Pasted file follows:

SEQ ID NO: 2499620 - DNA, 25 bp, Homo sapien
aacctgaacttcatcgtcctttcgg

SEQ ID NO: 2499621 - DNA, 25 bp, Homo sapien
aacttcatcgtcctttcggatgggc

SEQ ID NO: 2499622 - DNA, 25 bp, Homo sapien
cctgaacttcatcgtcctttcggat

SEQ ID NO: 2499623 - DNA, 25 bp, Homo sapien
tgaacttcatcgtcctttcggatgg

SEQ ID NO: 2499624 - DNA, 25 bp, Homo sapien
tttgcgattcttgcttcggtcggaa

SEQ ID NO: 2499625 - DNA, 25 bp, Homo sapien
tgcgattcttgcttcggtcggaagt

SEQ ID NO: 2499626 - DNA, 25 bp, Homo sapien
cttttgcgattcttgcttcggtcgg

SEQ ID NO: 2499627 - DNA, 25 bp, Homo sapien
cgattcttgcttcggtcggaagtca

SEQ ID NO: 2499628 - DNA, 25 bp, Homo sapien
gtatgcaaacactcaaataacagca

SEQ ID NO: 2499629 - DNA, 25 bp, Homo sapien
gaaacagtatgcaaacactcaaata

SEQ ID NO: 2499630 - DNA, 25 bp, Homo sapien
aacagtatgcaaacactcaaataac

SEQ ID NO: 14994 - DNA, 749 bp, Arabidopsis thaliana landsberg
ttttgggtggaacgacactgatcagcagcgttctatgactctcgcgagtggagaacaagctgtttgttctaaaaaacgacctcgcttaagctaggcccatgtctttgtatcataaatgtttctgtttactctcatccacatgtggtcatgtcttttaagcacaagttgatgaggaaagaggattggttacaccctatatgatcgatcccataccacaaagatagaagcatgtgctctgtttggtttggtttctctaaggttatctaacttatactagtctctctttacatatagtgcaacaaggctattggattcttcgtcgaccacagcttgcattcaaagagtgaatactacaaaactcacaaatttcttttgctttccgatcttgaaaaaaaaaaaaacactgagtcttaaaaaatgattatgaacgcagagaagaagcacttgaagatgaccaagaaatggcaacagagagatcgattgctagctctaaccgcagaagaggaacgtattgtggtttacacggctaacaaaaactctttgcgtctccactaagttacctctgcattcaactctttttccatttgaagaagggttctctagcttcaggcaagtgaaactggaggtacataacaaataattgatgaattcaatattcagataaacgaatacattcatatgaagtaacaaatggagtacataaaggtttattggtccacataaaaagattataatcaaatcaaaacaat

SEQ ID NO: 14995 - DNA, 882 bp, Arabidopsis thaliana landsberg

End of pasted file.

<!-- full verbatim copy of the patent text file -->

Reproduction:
SEQ ID NO: 2499620 - DNA, 25 bp, Homo sapien
aacctgaacttcatcgtcctttcgg

SEQ ID NO: 2499621 - DNA, 25 bp, Homo sapien
aacttcatcgtcctttcggatgggc

SEQ ID NO: 2499622 - DNA, 25 bp, Homo sapien
cctgaacttcatcgtcctttcggat

SEQ ID NO: 2499623 - DNA, 25 bp, Homo sapien
tgaacttcatcgtcctttcggatgg

SEQ ID NO: 2499624 - DNA, 25 bp, Homo sapien
tttgcgattcttgcttcggtcggaa

SEQ ID NO: 2499625 - DNA, 25 bp, Homo sapien
tgcgattcttgcttcggtcggaagt

SEQ ID NO: 2499626 - DNA, 25 bp, Homo sapien
cttttgcgattcttgcttcggtcgg

SEQ ID NO: 2499627 - DNA, 25 bp, Homo sapien
cgattcttgcttcggtcggaagtca

SEQ ID NO: 2499628 - DNA, 25 bp, Homo sapien
gtatgcaaacactcaaataacagca

SEQ ID NO: 2499629 - DNA, 25 bp, Homo sapien
gaaacagtatgcaaacactcaaata

SEQ ID NO: 2499630 - DNA, 25 bp, Homo sapien
aacagtatgcaaacactcaaataac

SEQ ID NO: 14994 - DNA, 749 bp, Arabidopsis thaliana landsberg
ttttgggtggaacgacactgatcagcagcgttctatgactctcgcgagtggagaacaagctgtttgttctaaaaaacgacctcgcttaagctaggcccatgtctttgtatcataaatgtttctgtttactctcatccacatgtggtcatgtcttttaagcacaagttgatgaggaaagaggattggttacaccctatatgatcgatcccataccacaaagatagaagcatgtgctctgtttggtttggtttctctaaggttatctaacttatactagtctctctttacatatagtgcaacaaggctattggattcttcgtcgaccacagcttgcattcaaagagtgaatactacaaaactcacaaatttcttttgctttccgatcttgaaaaaaaaaaaaacactgagtcttaaaaaatgattatgaacgcagagaagaagcacttgaagatgaccaagaaatggcaacagagagatcgattgctagctctaaccgcagaagaggaacgtattgtggtttacacggctaacaaaaactctttgcgtctccactaagttacctctgcattcaactctttttccatttgaagaagggttctctagcttcaggcaagtgaaactggaggtacataacaaataattgatgaattcaatattcagataaacgaatacattcatatgaagtaacaaatggagtacataaaggtttattggtccacataaaaagattataatcaaatcaaaacaat

SEQ ID NO: 14995 - DNA, 882 bp, Arabidopsis thaliana landsberg